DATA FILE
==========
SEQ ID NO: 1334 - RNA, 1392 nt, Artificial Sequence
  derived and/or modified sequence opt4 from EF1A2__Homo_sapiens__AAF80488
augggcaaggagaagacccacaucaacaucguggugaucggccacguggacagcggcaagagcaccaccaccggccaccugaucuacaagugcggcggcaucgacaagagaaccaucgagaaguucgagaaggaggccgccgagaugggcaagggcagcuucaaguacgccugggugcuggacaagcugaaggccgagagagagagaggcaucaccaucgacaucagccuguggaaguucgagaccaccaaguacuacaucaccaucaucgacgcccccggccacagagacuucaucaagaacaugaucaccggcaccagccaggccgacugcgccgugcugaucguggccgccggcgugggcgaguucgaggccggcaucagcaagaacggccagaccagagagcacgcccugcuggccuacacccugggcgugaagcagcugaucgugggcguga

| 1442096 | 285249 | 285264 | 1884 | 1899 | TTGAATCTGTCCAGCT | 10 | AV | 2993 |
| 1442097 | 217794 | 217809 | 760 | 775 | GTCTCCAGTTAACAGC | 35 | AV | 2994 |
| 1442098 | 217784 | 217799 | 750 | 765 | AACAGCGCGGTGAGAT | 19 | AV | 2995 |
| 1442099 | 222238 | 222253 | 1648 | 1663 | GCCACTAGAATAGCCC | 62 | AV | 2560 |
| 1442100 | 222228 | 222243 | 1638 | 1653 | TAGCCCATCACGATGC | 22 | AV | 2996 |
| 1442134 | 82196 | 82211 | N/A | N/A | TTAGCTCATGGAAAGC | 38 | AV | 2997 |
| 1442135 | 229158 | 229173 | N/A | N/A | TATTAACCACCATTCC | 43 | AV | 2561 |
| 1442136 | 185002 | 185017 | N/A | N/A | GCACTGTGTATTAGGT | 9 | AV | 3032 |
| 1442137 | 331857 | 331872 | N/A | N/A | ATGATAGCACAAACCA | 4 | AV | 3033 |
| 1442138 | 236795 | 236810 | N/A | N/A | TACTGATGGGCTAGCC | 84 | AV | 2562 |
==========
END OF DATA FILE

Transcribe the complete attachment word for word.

SEQ ID NO: 1334 - RNA, 1392 nt, Artificial Sequence
  derived and/or modified sequence opt4 from EF1A2__Homo_sapiens__AAF80488
augggcaaggagaagacccacaucaacaucguggugaucggccacguggacagcggcaagagcaccaccaccggccaccugaucuacaagugcggcggcaucgacaagagaaccaucgagaaguucgagaaggaggccgccgagaugggcaagggcagcuucaaguacgccugggugcuggacaagcugaaggccgagagagagagaggcaucaccaucgacaucagccuguggaaguucgagaccaccaaguacuacaucaccaucaucgacgcccccggccacagagacuucaucaagaacaugaucaccggcaccagccaggccgacugcgccgugcugaucguggccgccggcgugggcgaguucgaggccggcaucagcaagaacggccagaccagagagcacgcccugcuggccuacacccugggcgugaagcagcugaucgugggcguga

| 1442096 | 285249 | 285264 | 1884 | 1899 | TTGAATCTGTCCAGCT | 10 | AV | 2993 |
| 1442097 | 217794 | 217809 | 760 | 775 | GTCTCCAGTTAACAGC | 35 | AV | 2994 |
| 1442098 | 217784 | 217799 | 750 | 765 | AACAGCGCGGTGAGAT | 19 | AV | 2995 |
| 1442099 | 222238 | 222253 | 1648 | 1663 | GCCACTAGAATAGCCC | 62 | AV | 2560 |
| 1442100 | 222228 | 222243 | 1638 | 1653 | TAGCCCATCACGATGC | 22 | AV | 2996 |
| 1442134 | 82196 | 82211 | N/A | N/A | TTAGCTCATGGAAAGC | 38 | AV | 2997 |
| 1442135 | 229158 | 229173 | N/A | N/A | TATTAACCACCATTCC | 43 | AV | 2561 |
| 1442136 | 185002 | 185017 | N/A | N/A | GCACTGTGTATTAGGT | 9 | AV | 3032 |
| 1442137 | 331857 | 331872 | N/A | N/A | ATGATAGCACAAACCA | 4 | AV | 3033 |
| 1442138 | 236795 | 236810 | N/A | N/A | TACTGATGGGCTAGCC | 84 | AV | 2562 |